A: Download it here!

Q: Where is the Z-calibration, XYZ Calibration, Automatic Bed Leveling, and other automatic settings?
A: The Ender-3 printers do not include these features. While it is possible to upgrade these printers through 3rd party addons to add such features, I have not found that they are necessary to get very high quality prints.

Q: How do you calibrate or level the bed on these printers?
A: There are four large wheels on the bottom of the bed which adjust the height of the four corners. The printers are currently calibrated for all PLA materials. There is a GCODE file located on the microSD card called DeZi_Levelling Assistant. “Print” this file and it will run you through a prompted calibration that moves the nozzle to each of the 4 corners three times and then goes to the center so you can verify the height. The printer will beep and the screen will say “Waiting for user…”. Press the knob to proceed to the next step.

Note: When calibrating for PLA, there should be 1 paper’s width of clearance between the nozzle and the glass. A piece of paper inserted here will give some resistance when pulled.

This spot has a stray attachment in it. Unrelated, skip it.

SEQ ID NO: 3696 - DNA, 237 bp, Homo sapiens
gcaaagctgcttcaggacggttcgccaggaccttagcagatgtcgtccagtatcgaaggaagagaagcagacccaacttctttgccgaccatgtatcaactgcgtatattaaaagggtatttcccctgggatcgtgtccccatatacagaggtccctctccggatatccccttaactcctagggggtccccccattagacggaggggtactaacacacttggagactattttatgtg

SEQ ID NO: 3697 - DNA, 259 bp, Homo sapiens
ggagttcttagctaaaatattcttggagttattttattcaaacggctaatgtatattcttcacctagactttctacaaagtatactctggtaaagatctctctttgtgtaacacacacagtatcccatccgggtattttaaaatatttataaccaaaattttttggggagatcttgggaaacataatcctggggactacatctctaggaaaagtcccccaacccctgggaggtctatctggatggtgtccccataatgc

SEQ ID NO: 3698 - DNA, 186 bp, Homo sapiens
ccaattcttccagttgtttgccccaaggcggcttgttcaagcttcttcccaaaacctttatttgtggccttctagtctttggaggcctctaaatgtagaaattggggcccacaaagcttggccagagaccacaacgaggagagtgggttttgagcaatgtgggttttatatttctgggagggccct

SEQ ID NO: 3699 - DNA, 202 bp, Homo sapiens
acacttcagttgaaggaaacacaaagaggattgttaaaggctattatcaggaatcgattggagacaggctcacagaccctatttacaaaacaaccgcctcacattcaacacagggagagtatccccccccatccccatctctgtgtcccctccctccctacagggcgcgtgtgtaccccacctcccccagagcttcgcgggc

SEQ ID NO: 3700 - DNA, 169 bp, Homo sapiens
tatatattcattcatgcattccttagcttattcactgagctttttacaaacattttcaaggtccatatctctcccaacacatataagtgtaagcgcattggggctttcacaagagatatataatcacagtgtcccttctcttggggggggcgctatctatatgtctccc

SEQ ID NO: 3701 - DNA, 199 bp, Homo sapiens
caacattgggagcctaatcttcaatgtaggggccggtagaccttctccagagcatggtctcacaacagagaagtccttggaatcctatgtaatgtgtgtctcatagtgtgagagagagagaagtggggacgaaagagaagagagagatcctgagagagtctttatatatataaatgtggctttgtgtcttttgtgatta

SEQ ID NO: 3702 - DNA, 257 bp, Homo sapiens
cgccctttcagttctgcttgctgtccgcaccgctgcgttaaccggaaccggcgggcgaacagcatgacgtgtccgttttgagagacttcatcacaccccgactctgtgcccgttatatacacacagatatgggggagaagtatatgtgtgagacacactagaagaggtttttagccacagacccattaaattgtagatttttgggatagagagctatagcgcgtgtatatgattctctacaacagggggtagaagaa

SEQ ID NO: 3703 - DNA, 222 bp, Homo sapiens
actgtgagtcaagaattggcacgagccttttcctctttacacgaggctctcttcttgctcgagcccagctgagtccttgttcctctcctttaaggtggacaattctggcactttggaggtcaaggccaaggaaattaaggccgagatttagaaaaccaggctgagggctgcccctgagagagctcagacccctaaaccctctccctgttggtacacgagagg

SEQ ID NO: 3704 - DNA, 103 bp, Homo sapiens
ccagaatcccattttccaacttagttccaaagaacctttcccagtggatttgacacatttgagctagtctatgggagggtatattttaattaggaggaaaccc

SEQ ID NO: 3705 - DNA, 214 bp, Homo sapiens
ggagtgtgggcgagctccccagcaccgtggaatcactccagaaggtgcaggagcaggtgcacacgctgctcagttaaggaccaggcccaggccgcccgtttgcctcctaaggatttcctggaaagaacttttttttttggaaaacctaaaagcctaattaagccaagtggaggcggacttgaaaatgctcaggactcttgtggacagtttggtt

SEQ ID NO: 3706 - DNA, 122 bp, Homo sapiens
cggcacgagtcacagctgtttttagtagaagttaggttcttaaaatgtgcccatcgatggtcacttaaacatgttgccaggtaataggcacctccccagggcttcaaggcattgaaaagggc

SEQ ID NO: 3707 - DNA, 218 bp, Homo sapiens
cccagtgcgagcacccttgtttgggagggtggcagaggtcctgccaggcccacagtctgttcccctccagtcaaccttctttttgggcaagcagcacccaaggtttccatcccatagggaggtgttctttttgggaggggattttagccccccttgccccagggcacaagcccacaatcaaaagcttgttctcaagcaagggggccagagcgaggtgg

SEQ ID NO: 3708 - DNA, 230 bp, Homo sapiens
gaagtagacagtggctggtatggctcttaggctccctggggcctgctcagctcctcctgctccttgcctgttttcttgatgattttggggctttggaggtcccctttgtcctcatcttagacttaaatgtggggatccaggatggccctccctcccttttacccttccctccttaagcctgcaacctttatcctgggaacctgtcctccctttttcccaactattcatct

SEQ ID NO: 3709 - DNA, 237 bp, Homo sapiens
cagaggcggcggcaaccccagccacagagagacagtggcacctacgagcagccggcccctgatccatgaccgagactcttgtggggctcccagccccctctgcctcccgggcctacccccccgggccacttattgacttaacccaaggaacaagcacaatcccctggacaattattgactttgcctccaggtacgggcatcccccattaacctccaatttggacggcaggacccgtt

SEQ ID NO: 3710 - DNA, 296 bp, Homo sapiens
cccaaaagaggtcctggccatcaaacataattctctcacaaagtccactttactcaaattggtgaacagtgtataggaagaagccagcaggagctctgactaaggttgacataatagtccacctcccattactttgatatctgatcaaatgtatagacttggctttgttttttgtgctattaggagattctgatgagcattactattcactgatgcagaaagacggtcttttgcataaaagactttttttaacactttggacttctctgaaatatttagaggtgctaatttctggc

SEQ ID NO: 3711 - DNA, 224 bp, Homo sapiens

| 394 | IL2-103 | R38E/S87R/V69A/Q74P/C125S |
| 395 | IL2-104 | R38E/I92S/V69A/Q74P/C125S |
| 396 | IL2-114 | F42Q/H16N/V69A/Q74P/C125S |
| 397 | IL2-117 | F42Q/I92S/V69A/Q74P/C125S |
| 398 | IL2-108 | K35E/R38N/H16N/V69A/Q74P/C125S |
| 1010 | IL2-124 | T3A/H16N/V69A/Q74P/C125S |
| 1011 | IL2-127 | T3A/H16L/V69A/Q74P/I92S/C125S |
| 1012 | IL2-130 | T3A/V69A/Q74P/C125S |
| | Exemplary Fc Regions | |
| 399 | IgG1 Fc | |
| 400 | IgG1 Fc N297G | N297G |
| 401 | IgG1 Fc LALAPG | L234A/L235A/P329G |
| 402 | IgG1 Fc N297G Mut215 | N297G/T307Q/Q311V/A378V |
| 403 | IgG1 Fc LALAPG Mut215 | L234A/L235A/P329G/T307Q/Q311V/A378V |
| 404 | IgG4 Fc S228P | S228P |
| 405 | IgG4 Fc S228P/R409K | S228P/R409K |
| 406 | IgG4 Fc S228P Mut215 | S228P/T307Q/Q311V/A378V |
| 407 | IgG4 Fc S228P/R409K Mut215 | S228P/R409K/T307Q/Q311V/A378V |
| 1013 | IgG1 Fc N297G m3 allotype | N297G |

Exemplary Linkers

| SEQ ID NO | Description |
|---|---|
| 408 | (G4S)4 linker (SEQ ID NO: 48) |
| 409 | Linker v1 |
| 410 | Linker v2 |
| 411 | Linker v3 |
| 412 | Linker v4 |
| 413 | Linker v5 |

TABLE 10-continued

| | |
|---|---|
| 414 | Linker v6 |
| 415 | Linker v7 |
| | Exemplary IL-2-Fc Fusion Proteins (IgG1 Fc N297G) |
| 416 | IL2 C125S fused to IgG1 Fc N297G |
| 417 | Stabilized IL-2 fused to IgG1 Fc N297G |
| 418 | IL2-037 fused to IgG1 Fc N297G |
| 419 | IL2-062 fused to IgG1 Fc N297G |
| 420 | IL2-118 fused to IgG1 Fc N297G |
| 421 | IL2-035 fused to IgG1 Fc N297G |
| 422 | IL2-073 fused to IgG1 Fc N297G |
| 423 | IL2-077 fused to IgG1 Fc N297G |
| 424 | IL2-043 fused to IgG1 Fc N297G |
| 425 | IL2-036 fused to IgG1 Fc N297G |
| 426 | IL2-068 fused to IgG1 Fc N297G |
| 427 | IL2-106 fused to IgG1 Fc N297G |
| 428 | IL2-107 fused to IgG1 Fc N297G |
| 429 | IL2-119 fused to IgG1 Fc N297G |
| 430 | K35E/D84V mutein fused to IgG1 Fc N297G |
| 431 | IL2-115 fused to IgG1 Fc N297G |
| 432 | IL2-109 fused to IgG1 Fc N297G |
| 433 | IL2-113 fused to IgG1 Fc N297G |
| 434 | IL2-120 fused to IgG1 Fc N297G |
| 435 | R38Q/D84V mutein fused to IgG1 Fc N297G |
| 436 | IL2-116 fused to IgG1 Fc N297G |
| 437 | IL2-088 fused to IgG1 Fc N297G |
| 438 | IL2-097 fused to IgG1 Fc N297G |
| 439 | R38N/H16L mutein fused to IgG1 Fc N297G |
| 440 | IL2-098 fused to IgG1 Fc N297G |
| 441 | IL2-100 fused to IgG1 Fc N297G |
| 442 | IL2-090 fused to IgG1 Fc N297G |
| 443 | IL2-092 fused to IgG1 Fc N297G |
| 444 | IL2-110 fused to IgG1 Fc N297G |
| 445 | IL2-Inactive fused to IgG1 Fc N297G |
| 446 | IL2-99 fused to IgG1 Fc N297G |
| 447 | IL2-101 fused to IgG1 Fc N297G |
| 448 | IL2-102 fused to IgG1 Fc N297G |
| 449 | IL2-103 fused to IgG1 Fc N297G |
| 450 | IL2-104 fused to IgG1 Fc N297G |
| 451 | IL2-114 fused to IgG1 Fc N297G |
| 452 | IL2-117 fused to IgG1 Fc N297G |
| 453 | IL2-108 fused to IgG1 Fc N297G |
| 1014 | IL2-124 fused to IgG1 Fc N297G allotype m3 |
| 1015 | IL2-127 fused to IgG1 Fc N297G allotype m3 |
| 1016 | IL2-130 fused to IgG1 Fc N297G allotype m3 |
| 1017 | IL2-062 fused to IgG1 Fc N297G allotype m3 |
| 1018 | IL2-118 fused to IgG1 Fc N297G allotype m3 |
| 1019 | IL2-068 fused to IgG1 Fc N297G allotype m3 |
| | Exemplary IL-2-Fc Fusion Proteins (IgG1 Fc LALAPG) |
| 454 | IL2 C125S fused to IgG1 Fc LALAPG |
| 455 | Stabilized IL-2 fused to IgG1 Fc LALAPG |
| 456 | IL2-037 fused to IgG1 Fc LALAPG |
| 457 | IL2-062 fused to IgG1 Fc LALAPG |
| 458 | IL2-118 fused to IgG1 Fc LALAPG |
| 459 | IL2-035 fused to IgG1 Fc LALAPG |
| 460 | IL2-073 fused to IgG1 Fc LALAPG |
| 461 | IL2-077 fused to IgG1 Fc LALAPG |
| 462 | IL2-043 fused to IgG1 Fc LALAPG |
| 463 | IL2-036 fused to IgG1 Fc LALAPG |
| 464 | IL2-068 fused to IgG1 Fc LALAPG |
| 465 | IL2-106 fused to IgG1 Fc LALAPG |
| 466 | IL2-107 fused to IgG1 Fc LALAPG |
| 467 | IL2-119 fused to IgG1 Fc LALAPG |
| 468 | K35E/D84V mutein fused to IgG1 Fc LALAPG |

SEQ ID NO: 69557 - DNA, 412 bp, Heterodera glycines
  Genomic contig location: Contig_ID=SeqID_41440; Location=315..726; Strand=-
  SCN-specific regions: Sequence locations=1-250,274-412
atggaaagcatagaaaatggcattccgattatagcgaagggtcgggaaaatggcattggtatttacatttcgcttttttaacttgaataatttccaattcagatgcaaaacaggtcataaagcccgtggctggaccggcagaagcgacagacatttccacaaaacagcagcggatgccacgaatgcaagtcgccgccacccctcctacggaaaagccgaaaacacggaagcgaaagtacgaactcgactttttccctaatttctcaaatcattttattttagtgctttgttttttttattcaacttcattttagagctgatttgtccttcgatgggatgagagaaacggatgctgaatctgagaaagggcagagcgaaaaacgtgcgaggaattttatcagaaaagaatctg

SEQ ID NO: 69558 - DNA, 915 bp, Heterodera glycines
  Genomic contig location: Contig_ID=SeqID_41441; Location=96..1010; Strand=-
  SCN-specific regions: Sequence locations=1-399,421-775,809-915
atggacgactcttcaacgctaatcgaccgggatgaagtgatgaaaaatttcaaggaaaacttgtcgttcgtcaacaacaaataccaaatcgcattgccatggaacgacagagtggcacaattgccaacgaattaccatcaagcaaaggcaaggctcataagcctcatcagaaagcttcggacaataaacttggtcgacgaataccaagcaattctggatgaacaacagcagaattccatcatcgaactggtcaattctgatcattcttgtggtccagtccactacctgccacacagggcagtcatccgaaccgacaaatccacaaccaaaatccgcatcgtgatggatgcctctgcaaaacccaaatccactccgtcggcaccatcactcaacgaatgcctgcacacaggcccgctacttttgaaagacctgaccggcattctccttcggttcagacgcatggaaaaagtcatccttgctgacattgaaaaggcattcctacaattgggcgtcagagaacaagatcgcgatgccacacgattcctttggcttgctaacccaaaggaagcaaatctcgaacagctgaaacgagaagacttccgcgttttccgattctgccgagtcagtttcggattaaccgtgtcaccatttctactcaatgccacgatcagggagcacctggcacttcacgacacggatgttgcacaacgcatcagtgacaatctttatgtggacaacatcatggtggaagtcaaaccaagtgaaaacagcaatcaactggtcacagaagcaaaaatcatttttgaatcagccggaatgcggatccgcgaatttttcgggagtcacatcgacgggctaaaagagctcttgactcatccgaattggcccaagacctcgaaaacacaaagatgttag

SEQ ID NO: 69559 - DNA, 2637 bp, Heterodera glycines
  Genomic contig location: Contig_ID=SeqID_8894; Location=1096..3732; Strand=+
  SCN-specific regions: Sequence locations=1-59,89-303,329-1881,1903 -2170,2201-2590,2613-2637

Q: What if I want to print PETG or flexible material (ie TPU)?
A: For PETG, you will want to run the DeZi Leveling Assistant and increase the distance between the nozzle and glass in each of the four corners such that a business card or heavy card stock fits just snugly and gives some resistance when pulled. Flexible material should be fine as long as nozzle temp is not increased beyond 245°C.

(more filament questions at the bottom of the FAQ)

Q: How do I print to the Ender-3 printers?
A: Using Cura or other slicer software, produce a GCODE file specific to the Ender-3. By loading the Chris Elkins cura profile project, the Ender-3 printer will be added to Cura. Now connect to one of the Ender-3 printers by navigating to the correct website (see the sign on the wall) and upload your GCODE file.

Q: Do you recommend specific Cura settings or profile?